In the current issue of Boca Raton magazine, we take a look at some of the amazing research advancements happening at the Scripps Research Institute in Jupiter. The 30-acre campus (with another 70-acres available for development in the future) is an independent nonprofit institution focusing on biomedical research in a laboratory setting. With the help of major grants, cutting-edge projects are in development to try to cure diseases like hepatitis C, lymphoma and age-related memory loss.

Now, there is even more amazing news out of Jupiter.

The Esther B. O’Keeffe Charitable Foundation recently made a $2 million donation to The Scripps Research Institute to fund biomedical research and education. The gift is what’s called “unrestricted” meaning it can be used whenever it is needed. The grant will be used to fund special initiatives on the Florida campus. (Scripps Research Institute also has a La Jolla, Calif. campus.) In the past, unrestricted grants have provided funding for “out of the box” research projects and enabled graduate students to study in the institute’s top-ranked Ph.D. program. With this gift, the Esther B. O’Keeffe Charitable Foundation and its trustees become Scripps Florida Founders, an honor given to donors that have made lifetime contributions of $2 million or more to the Jupiter campus.

“We are delighted to contribute to The Scripps Research Institute’s important scientific and educational work,” said Clare O’Keeffe, executive trustee of the foundation. “These efforts are tremendously exciting and we are proud to be part of them.”

This is not the first donation the foundation has made. In the past, the foundation’s contributions have supported innovative research helping to advance breakthroughs in the development of new treatments for Alzheimer’s, Parkinson’s, hearing loss and spinal cord damage.

If the name sounds familiar, it should. The Esther B. O’Keeffe Charitable Foundation was established in 1990 by the late philanthropist Esther B. O’Keeffe, wife of respected surgeon and philanthropist Dr. Arthur O’Keeffe. It supports a variety of health, medical, art and cultural programs in our area, including the Esther B. O’Keeffe Art Gallery, pavilions at Good Samaritan and St. Mary’s Medical Centers, a wing at the Norton Museum of Art and more.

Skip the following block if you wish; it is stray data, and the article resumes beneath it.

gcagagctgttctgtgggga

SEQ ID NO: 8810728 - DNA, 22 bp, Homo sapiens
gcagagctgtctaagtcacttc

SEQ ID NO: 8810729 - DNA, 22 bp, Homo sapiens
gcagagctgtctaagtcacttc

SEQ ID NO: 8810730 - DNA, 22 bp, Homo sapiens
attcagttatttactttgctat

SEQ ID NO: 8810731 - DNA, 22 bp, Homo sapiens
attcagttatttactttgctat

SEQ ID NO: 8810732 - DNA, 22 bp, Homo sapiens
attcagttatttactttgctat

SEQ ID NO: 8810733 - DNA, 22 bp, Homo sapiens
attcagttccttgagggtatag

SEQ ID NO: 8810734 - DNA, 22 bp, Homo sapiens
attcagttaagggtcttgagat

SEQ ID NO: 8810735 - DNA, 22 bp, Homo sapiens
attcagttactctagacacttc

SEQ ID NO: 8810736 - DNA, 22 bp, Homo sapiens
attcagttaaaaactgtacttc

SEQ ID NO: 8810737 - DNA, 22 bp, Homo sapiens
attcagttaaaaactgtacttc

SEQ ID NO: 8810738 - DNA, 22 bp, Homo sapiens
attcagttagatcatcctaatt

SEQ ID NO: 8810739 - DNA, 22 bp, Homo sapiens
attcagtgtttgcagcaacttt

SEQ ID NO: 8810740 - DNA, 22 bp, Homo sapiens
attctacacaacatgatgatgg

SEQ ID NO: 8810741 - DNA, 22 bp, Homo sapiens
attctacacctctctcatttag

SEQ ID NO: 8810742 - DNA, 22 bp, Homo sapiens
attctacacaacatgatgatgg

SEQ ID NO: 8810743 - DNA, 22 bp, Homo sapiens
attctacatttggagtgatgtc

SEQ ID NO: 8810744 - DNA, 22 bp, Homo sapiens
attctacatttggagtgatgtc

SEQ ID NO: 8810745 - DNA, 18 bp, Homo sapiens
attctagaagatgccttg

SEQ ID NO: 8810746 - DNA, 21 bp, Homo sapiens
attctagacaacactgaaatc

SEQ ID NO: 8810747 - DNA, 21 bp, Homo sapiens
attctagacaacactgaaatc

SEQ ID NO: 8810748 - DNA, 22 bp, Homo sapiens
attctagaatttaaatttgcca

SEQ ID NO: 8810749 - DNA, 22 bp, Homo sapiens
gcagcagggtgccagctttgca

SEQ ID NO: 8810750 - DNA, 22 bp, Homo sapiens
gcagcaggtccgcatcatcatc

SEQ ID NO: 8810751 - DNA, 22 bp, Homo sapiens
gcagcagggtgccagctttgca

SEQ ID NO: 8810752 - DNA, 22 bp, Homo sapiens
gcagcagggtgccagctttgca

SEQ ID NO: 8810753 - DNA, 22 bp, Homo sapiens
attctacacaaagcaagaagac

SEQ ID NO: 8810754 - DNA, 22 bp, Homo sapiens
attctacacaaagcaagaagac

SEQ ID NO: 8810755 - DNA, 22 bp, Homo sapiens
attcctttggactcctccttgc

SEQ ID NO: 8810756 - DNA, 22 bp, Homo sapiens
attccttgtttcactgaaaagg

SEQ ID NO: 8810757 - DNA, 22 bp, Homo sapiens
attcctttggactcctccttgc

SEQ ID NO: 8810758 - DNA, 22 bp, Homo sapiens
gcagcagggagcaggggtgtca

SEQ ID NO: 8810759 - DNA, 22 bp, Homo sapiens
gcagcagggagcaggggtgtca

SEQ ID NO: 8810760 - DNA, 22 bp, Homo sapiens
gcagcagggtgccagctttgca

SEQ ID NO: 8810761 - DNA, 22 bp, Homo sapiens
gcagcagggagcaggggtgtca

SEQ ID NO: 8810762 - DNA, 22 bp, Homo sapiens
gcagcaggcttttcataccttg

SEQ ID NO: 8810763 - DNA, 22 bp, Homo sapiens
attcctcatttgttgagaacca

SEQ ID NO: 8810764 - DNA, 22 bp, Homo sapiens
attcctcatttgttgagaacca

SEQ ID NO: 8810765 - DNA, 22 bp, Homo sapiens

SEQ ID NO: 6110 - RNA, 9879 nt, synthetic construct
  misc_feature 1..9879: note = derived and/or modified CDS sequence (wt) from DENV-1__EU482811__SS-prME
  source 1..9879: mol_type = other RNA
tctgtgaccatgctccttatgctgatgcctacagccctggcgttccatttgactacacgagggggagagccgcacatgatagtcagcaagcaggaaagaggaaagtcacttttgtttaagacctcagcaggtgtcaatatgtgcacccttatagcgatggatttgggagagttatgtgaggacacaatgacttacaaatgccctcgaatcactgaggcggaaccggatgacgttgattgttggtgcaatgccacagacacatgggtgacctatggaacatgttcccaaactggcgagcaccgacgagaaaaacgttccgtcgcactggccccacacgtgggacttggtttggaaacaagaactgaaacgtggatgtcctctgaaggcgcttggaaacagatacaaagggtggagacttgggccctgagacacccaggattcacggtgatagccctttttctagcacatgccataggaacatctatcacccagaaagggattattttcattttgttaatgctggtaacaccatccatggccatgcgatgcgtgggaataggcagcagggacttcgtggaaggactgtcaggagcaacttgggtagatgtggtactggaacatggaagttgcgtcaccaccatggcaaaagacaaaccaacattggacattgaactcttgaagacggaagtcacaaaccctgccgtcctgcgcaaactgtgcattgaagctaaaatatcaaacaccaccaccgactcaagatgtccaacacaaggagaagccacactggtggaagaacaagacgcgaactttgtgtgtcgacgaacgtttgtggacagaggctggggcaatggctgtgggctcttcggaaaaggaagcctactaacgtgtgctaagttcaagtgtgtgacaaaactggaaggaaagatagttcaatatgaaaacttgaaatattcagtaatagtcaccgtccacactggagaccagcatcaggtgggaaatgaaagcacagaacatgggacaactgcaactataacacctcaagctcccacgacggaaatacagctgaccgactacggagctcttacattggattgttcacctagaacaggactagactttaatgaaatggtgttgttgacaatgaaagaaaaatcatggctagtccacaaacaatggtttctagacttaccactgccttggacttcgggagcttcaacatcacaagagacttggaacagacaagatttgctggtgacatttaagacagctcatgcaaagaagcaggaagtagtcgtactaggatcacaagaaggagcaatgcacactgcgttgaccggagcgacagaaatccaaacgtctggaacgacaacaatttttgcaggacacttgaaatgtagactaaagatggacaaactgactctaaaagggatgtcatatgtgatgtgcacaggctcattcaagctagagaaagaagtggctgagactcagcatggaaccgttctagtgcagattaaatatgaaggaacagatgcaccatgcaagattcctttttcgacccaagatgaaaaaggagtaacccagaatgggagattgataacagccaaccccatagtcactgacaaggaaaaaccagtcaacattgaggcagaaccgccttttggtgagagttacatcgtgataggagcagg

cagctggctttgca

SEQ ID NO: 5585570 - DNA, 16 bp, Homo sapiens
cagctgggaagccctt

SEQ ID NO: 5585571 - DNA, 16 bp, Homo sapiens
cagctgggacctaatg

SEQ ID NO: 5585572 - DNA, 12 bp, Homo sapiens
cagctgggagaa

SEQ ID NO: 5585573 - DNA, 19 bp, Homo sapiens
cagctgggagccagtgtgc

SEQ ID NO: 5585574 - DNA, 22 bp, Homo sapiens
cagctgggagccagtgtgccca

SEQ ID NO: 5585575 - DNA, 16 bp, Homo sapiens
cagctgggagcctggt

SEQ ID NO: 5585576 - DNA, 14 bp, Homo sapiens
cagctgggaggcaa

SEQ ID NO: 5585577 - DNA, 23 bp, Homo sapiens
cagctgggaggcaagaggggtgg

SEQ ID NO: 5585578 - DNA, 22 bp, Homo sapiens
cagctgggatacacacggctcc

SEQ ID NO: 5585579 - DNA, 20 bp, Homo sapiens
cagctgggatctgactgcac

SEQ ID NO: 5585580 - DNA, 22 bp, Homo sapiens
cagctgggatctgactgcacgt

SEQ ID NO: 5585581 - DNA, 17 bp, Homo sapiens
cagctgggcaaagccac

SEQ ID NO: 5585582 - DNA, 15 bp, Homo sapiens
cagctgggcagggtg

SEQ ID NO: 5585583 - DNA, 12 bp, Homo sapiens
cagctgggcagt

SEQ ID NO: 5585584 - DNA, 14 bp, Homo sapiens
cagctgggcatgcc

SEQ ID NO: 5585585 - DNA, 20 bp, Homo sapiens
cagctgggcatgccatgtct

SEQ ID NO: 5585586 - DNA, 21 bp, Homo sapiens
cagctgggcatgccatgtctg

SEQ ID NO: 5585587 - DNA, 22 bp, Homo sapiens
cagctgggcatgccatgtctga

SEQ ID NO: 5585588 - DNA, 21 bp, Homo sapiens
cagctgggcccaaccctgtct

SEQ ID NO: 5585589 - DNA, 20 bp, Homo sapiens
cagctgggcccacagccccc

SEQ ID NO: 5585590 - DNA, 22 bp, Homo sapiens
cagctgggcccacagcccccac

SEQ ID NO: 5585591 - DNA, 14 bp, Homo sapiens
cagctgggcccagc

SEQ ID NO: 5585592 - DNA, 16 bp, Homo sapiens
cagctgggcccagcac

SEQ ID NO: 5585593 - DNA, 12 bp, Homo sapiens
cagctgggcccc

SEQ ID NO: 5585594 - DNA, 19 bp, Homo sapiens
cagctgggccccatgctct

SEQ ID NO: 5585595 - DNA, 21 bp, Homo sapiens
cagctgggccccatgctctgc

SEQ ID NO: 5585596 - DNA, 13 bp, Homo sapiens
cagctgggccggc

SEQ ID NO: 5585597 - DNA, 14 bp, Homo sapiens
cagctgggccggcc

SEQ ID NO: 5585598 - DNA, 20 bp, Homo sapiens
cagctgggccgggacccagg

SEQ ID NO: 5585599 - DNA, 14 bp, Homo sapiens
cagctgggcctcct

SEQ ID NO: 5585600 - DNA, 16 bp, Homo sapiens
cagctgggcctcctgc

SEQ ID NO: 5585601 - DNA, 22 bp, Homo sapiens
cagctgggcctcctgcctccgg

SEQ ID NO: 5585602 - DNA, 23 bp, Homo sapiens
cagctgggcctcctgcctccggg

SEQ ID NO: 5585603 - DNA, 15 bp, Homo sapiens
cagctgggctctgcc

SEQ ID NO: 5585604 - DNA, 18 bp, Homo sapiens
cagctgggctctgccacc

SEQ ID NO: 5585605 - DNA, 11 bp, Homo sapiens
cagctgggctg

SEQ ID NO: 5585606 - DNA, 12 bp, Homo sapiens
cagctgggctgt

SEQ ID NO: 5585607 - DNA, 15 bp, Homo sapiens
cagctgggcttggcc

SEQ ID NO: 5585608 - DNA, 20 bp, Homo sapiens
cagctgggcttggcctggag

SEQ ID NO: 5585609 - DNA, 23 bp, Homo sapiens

“I know I speak for the entire Scripps community when I wholeheartedly thank the Esther B. O'Keeffe Charitable Foundation,” said Scripps Research President and CEO Michael A. Marletta. “Gifts of this magnitude are transformative and will go directly towards the next generation of discoveries to understand, cure, and treat human disease.”

Scripps scientists in Jupiter were also recently awarded an $8.4 million grant from the National Institute on Drug Abuse part of the National Institutes of Health (NIH) which will provide five years of funding to develop new compounds to help prevent relapse in tobacco smokers that try to quit the habit.

“This really is a broad-based, multi-disciplinary team effort,” said Paul Kenny, the study’s program director. “We’ve assembled a team of first-class scientists at Scripps Florida with all the experience necessary to develop novel therapeutics for the treatment of tobacco abuse.”

The new study at Scripps will focus on an entirely new mechanism to help smokers break the habit; a receptor for a specific neuropeptide (short chain of amino acids found in nerve tissue) that, when blocked, significantly decreases the desire for nicotine.

According to the World Health Organization, tobacco smoking kills 5 million people worldwide every year. They estimate that if current trends continue, smoking will become the largest single health problem worldwide by the year 2020. The World Bank estimates that in high-income countries, smoking-related healthcare accounts for between 6 and 15 percent of all health care costs. That’s $160 billion annually.